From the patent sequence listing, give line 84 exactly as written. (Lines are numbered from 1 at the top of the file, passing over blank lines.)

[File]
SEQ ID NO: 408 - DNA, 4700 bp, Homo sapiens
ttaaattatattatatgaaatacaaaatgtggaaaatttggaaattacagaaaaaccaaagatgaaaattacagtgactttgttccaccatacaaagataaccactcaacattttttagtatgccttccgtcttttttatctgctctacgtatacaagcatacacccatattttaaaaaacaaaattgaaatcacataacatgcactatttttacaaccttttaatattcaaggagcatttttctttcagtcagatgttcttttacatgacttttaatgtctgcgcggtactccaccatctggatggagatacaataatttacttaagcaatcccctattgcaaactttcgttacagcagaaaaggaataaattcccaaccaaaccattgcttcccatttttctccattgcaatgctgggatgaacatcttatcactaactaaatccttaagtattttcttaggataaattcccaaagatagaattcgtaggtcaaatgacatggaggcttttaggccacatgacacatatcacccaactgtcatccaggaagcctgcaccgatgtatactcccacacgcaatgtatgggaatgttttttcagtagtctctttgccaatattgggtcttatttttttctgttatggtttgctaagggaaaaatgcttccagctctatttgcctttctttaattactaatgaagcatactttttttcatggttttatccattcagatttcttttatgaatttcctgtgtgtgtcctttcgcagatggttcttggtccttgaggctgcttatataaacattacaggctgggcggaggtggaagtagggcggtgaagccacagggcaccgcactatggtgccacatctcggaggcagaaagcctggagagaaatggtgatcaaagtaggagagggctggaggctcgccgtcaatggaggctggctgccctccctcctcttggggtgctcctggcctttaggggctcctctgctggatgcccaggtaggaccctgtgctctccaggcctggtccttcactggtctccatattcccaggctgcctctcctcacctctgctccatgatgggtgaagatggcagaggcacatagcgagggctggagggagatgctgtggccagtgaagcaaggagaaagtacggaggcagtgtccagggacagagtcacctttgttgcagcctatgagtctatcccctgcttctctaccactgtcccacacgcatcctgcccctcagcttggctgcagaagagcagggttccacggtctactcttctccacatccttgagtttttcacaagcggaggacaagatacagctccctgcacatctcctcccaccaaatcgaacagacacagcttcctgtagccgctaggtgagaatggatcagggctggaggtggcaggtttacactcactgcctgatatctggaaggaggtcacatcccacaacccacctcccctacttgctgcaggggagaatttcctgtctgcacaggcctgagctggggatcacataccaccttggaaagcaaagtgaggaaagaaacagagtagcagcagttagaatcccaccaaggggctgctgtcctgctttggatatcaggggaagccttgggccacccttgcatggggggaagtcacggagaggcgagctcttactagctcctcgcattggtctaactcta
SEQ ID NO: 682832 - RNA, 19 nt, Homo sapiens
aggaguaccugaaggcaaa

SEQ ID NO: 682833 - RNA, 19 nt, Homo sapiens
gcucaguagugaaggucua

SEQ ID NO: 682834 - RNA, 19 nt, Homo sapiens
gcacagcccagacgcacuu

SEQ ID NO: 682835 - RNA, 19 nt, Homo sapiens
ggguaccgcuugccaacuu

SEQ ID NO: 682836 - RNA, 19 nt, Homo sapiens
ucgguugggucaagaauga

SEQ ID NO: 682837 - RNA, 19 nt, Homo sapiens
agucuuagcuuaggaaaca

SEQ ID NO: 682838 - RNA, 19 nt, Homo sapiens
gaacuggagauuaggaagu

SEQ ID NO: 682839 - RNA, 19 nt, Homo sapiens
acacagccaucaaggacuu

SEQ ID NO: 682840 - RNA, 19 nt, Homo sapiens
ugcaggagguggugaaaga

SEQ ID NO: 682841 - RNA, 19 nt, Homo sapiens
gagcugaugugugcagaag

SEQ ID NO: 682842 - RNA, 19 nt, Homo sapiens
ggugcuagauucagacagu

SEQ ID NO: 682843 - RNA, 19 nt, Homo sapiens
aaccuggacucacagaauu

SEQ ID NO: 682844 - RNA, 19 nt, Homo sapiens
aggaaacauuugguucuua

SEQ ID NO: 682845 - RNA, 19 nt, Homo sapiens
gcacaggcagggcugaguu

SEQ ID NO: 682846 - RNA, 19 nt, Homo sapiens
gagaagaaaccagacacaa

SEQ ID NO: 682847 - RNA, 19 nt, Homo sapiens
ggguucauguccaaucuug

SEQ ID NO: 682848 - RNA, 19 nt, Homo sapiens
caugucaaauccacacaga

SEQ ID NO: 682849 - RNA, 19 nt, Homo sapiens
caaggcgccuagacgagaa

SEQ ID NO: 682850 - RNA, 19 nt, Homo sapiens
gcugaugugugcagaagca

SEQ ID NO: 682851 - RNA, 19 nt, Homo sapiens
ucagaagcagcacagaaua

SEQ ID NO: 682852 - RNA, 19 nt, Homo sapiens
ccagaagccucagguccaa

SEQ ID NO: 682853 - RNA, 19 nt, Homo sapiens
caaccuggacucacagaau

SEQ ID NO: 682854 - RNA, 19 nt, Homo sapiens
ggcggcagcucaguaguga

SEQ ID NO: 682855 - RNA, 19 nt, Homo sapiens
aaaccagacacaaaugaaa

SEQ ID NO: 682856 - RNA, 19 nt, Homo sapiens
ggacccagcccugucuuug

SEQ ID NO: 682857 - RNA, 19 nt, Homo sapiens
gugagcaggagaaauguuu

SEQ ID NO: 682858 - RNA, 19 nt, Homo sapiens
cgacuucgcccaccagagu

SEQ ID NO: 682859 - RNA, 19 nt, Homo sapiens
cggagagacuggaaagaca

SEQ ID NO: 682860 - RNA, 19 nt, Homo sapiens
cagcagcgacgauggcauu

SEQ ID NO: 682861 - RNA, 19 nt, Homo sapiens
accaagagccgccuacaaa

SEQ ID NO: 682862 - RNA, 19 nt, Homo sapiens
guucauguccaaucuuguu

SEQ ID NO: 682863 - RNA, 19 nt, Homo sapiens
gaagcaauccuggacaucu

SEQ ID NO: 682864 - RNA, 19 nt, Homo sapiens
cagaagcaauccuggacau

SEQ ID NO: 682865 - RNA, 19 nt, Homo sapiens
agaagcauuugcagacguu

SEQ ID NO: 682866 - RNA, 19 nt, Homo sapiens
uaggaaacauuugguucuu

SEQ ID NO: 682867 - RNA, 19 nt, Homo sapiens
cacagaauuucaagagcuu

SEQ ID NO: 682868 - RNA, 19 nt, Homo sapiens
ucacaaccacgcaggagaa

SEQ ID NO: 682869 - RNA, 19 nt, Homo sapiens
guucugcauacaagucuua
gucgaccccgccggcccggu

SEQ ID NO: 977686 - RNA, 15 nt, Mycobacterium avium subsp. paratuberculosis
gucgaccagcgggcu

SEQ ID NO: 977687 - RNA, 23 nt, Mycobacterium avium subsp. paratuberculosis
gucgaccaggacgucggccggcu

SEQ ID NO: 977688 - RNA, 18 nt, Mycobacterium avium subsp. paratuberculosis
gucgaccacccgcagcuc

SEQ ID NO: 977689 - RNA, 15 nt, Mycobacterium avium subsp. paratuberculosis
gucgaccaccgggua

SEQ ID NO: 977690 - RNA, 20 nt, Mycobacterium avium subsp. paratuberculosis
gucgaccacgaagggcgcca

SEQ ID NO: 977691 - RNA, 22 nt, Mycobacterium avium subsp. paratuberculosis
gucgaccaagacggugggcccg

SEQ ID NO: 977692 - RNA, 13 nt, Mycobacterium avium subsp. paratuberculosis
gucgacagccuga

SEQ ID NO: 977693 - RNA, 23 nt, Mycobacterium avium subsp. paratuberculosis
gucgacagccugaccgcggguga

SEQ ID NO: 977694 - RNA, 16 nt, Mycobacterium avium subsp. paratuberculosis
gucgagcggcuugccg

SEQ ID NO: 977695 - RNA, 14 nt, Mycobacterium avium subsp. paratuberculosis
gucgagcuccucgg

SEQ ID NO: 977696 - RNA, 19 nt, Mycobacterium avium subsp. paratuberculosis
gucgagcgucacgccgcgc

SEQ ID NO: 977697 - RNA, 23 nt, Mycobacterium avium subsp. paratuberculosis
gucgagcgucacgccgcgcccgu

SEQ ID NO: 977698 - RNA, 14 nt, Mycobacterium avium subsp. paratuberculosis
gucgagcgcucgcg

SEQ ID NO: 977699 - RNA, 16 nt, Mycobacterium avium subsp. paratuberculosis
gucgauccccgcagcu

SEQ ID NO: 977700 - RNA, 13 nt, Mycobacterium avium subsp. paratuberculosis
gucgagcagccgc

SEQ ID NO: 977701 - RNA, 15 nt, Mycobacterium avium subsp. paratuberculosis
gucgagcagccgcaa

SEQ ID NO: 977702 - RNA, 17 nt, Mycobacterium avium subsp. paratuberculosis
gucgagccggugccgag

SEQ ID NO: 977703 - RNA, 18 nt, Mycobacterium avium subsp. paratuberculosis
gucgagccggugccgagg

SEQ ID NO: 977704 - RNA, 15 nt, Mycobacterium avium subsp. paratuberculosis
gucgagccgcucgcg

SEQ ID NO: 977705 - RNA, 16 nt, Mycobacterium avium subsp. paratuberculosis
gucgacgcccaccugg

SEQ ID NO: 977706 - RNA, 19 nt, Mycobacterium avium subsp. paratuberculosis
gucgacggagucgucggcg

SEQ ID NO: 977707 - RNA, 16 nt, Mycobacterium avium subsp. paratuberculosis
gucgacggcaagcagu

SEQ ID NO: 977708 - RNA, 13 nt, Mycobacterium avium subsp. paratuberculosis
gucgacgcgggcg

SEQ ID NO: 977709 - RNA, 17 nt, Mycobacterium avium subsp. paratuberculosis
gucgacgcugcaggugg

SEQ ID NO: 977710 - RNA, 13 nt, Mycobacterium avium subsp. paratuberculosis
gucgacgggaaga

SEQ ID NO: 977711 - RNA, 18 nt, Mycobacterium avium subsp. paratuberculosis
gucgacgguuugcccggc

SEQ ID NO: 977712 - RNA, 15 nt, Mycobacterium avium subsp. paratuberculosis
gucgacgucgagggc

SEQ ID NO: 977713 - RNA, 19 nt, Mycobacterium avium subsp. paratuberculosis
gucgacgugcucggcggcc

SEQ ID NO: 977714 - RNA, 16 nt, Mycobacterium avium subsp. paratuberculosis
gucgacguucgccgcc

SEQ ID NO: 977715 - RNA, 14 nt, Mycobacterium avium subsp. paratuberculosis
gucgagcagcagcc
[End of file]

SEQ ID NO: 977688 - RNA, 18 nt, Mycobacterium avium subsp. paratuberculosis